I sat down in front of the computer, the public viewing display next to the tower displaying Gamma. This is my callsign. On the table in front of me sits an Oculus Rift VR headset. The volunteer helps me adjust it to fit my head, which did not take long. I tried not to be too impatient and let him go over what he needed to before I perched the headset on my forehead, grabbed the controller in front of me, and then slid the Rift over my eyes. What greeted me was a somewhat standard menu. In what would have been the table floated four outlines of fighter craft with a name below them. I ended up settling on the Wraith after discovering I had to look at one to select it. Floating directly in front of me was a map of the battlespace, what could best be described as a stereotypical Station Sanctum with two Wyverns floating in space. One was blue, my teams, and the other was red. As the pre-game countdown ticked to zero, I began to have trouble containing my excitement. The view faded to black as the timer hit zero.

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A shot of an unidentified fighter cockpit from an early build of Valkyrie. Given the ships around, it’s likely a Galentte fighter of some sort.

The environment began to load as lights came on in the cockpit and launch tube, the red lines streaking away to a small window of greenish-white light I assumed was space. I’m in a damn launch tube, I’m really in it. My brain knows I’m really sitting in a convention area in Las Vegas, but my eyes and ears are telling me that I’m about to be shot out of a Wyvern’s launch tubes. As I move my head around, so does the perspective inside the Wraith’s cockpit. Details like the map, capacitor, and shield strength stay in a fixed place, if I turn my head far enough I can no longer see them. I hear the launch countdown reach zero, and the controller in my hands vibrates. While it could not make up for the hard convention chair I was sitting it, it added to the sensation that I was actually in the cockpit. The Wraith cleared the launch tube and I was finally in control of my fighter. It was at this point I lost all control on my excitement. I was flying a starfighter, not “flying” it from a third-person camera, but actually flying it from the cockpit. Every twist and turn of the fight felt like I was there. It got to the point where I even started shifting around in my chair, most likely making a fool out of myself for the amusement of anyone watch. I finished that first round with one kill, the next I had four. On Sunday morning, I almost missed on of the presentations I wanted to attend because almost nobody else was in line to play and I was able to get an hour in the cockpit. This included one round with the legendary Baltec1, who promptly chose the largest and least maneuverable fighter possible.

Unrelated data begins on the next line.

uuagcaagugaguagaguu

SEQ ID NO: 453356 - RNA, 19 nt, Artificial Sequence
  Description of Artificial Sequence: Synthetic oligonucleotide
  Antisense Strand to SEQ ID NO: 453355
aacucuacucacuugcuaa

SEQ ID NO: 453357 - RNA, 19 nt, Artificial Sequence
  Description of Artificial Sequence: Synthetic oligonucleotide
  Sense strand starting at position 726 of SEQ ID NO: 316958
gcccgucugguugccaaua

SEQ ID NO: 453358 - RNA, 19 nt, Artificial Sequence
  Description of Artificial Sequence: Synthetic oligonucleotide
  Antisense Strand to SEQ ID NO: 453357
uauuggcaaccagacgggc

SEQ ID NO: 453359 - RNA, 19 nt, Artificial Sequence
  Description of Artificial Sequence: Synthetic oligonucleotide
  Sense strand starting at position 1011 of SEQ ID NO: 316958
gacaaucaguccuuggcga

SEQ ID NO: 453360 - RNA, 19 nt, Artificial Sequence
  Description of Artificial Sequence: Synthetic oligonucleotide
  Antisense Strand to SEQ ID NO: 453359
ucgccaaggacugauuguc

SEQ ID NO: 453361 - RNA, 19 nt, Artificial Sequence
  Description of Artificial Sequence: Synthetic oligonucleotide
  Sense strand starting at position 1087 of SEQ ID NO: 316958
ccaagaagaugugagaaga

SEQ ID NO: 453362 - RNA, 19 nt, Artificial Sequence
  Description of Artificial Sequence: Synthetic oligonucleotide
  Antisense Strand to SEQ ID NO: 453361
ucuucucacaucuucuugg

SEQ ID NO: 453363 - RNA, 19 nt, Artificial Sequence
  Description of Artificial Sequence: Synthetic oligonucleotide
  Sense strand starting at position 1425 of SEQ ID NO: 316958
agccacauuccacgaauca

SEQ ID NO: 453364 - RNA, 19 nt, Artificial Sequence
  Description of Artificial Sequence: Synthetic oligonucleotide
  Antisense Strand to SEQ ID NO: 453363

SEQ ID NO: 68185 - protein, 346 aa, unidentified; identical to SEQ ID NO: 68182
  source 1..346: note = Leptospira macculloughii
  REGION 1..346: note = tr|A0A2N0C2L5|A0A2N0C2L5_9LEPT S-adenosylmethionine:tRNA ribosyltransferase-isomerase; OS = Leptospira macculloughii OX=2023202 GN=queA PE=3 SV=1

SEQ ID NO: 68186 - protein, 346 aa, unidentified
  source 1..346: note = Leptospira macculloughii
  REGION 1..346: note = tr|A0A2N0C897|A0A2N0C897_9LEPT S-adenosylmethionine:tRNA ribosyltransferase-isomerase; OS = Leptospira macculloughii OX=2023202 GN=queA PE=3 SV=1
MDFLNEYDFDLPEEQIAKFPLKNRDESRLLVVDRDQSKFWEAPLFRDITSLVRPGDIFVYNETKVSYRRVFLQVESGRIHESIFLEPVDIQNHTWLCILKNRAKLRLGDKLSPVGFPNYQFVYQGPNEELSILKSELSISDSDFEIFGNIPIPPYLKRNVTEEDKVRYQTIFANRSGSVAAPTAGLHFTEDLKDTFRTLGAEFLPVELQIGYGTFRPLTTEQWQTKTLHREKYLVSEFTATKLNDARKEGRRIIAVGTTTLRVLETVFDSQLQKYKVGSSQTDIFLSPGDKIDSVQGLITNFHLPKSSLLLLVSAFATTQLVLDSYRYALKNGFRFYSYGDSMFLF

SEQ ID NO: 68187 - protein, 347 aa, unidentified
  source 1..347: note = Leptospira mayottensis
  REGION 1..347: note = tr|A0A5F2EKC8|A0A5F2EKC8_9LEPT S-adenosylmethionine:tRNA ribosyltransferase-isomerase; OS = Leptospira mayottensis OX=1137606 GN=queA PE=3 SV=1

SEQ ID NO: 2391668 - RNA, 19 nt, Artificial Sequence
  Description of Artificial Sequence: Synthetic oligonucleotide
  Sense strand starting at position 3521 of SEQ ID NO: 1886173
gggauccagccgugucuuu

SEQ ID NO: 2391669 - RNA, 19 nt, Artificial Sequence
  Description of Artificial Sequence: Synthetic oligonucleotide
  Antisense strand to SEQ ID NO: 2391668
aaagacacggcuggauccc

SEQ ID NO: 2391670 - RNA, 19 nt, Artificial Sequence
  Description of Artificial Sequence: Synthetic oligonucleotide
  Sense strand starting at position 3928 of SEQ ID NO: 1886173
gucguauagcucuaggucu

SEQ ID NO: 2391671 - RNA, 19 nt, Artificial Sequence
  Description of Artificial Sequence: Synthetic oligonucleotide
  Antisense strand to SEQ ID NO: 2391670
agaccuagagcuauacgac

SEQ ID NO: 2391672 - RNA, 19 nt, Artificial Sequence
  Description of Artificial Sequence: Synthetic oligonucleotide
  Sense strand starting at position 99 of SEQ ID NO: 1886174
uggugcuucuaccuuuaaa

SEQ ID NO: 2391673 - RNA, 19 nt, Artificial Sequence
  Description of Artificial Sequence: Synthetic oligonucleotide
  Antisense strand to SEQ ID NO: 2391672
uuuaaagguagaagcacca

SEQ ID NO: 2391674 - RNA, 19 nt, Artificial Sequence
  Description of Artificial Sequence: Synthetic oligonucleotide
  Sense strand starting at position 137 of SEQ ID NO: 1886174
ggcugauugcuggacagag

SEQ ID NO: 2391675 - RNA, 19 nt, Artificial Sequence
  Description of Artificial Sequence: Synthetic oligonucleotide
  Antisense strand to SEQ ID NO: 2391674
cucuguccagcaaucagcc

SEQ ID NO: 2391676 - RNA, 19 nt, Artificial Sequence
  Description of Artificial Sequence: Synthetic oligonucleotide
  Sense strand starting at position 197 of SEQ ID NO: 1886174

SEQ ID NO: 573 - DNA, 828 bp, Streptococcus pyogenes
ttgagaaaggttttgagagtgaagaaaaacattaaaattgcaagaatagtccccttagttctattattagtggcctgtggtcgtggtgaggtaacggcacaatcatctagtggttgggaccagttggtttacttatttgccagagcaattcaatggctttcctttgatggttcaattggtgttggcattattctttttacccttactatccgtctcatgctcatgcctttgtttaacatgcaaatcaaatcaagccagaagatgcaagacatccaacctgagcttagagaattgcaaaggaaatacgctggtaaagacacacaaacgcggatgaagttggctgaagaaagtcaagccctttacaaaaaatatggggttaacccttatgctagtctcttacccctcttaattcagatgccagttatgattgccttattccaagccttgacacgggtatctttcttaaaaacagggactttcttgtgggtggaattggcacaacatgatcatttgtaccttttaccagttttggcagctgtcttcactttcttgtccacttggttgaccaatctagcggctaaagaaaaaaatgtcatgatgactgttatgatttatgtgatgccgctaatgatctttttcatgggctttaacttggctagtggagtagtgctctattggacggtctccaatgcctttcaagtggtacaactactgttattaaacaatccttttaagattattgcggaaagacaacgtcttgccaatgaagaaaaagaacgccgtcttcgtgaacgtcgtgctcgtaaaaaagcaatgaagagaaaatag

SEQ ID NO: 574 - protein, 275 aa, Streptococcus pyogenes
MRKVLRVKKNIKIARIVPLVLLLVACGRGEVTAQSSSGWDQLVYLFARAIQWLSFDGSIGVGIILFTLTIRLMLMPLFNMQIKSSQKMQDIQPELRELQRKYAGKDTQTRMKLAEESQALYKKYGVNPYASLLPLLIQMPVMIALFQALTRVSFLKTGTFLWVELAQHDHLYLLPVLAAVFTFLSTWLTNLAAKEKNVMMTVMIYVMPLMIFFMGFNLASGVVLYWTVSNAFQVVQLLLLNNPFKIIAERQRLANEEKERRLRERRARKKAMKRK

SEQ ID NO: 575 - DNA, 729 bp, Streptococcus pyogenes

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The author during a Valkyrie match. Likely getting shot down.

This was just a short experience with a controlled demo. I can’t tell you about the intricacies of Valkyrie’s currency systems or how all of its various fighters fly. I can’t tell you how it stacks up with other games that allow you do the same sort of thing like Elite: Dangerous or House of the Dying Sun. I might be able to convince you that CCP got some damn good voice actors for Valkyrie. What I can say is that this was an experience unlike any other game I have played in my life. For some brief moments over the weekend, I was no longer just attending EVE Vegas. I was flying a fighter. It is the closest I have ever gotten to being Wedge Antillies or Starbuck, the closest I have come to touching an X-Wing or Viper Mk II. Like a lot of people, I was skeptical about how VR would do in the “real world”. It’s expensive and requires some heavy computational firepower. After getting a chance to experience what the tech is capable of doing now, I have little doubt that VR tech is here to stay. While it may not ever become as commonplace as computers or smartphones are today, VR brings a lot to the table that ensures it will have a place on almost anyone’s desk. I know someday soon it will end up on mine.

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Comments

  • Andrew Sturgis

    I learned quickly that you should do Valkyrie before the heavy drinking, not the day after. The head tracking is good, but it can still lead to some heavy nausea if you’re already feeling hungover.

    November 17, 2016 at 5:01 pm
  • PewPew

    So you’re saying it’s a good game for people who have dreamed their whole lives of exactly that game?

    Sounds reasonable.

    November 17, 2016 at 5:48 pm